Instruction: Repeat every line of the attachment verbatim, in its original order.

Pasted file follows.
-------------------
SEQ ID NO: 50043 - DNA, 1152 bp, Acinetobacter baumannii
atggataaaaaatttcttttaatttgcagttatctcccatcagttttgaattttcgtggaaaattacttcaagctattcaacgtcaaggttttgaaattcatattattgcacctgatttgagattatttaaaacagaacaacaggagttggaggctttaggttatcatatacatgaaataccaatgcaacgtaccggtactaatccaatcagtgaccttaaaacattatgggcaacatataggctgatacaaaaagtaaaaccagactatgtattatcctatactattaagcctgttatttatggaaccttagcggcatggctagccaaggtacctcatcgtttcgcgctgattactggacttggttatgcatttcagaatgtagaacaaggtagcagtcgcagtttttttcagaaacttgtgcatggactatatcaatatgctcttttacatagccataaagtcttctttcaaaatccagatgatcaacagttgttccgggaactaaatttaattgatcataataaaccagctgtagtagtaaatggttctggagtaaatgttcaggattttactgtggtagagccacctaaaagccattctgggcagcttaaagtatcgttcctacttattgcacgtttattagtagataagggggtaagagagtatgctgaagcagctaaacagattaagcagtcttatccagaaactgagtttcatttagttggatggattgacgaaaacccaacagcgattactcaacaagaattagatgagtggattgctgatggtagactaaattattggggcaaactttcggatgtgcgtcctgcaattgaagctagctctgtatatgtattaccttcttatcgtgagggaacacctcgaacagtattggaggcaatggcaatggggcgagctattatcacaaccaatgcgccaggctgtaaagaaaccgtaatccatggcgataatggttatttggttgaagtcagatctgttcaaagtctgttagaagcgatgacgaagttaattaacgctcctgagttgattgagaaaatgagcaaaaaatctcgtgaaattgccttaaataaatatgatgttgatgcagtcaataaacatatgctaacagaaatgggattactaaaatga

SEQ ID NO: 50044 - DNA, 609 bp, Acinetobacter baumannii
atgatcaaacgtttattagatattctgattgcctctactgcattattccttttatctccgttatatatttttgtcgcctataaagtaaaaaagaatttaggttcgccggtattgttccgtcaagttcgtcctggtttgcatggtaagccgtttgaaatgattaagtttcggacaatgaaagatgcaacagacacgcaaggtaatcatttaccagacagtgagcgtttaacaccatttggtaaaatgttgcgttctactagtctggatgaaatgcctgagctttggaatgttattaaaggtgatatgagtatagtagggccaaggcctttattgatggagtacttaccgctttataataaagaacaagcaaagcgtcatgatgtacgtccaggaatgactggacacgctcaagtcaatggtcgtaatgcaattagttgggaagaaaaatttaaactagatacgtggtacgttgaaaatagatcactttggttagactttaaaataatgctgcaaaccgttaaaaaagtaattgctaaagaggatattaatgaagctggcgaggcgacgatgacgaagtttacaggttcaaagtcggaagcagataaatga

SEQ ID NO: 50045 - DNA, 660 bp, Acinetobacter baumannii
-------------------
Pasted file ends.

SEQ ID NO: 50043 - DNA, 1152 bp, Acinetobacter baumannii
atggataaaaaatttcttttaatttgcagttatctcccatcagttttgaattttcgtggaaaattacttcaagctattcaacgtcaaggttttgaaattcatattattgcacctgatttgagattatttaaaacagaacaacaggagttggaggctttaggttatcatatacatgaaataccaatgcaacgtaccggtactaatccaatcagtgaccttaaaacattatgggcaacatataggctgatacaaaaagtaaaaccagactatgtattatcctatactattaagcctgttatttatggaaccttagcggcatggctagccaaggtacctcatcgtttcgcgctgattactggacttggttatgcatttcagaatgtagaacaaggtagcagtcgcagtttttttcagaaacttgtgcatggactatatcaatatgctcttttacatagccataaagtcttctttcaaaatccagatgatcaacagttgttccgggaactaaatttaattgatcataataaaccagctgtagtagtaaatggttctggagtaaatgttcaggattttactgtggtagagccacctaaaagccattctgggcagcttaaagtatcgttcctacttattgcacgtttattagtagataagggggtaagagagtatgctgaagcagctaaacagattaagcagtcttatccagaaactgagtttcatttagttggatggattgacgaaaacccaacagcgattactcaacaagaattagatgagtggattgctgatggtagactaaattattggggcaaactttcggatgtgcgtcctgcaattgaagctagctctgtatatgtattaccttcttatcgtgagggaacacctcgaacagtattggaggcaatggcaatggggcgagctattatcacaaccaatgcgccaggctgtaaagaaaccgtaatccatggcgataatggttatttggttgaagtcagatctgttcaaagtctgttagaagcgatgacgaagttaattaacgctcctgagttgattgagaaaatgagcaaaaaatctcgtgaaattgccttaaataaatatgatgttgatgcagtcaataaacatatgctaacagaaatgggattactaaaatga

SEQ ID NO: 50044 - DNA, 609 bp, Acinetobacter baumannii
atgatcaaacgtttattagatattctgattgcctctactgcattattccttttatctccgttatatatttttgtcgcctataaagtaaaaaagaatttaggttcgccggtattgttccgtcaagttcgtcctggtttgcatggtaagccgtttgaaatgattaagtttcggacaatgaaagatgcaacagacacgcaaggtaatcatttaccagacagtgagcgtttaacaccatttggtaaaatgttgcgttctactagtctggatgaaatgcctgagctttggaatgttattaaaggtgatatgagtatagtagggccaaggcctttattgatggagtacttaccgctttataataaagaacaagcaaagcgtcatgatgtacgtccaggaatgactggacacgctcaagtcaatggtcgtaatgcaattagttgggaagaaaaatttaaactagatacgtggtacgttgaaaatagatcactttggttagactttaaaataatgctgcaaaccgttaaaaaagtaattgctaaagaggatattaatgaagctggcgaggcgacgatgacgaagtttacaggttcaaagtcggaagcagataaatga

SEQ ID NO: 50045 - DNA, 660 bp, Acinetobacter baumannii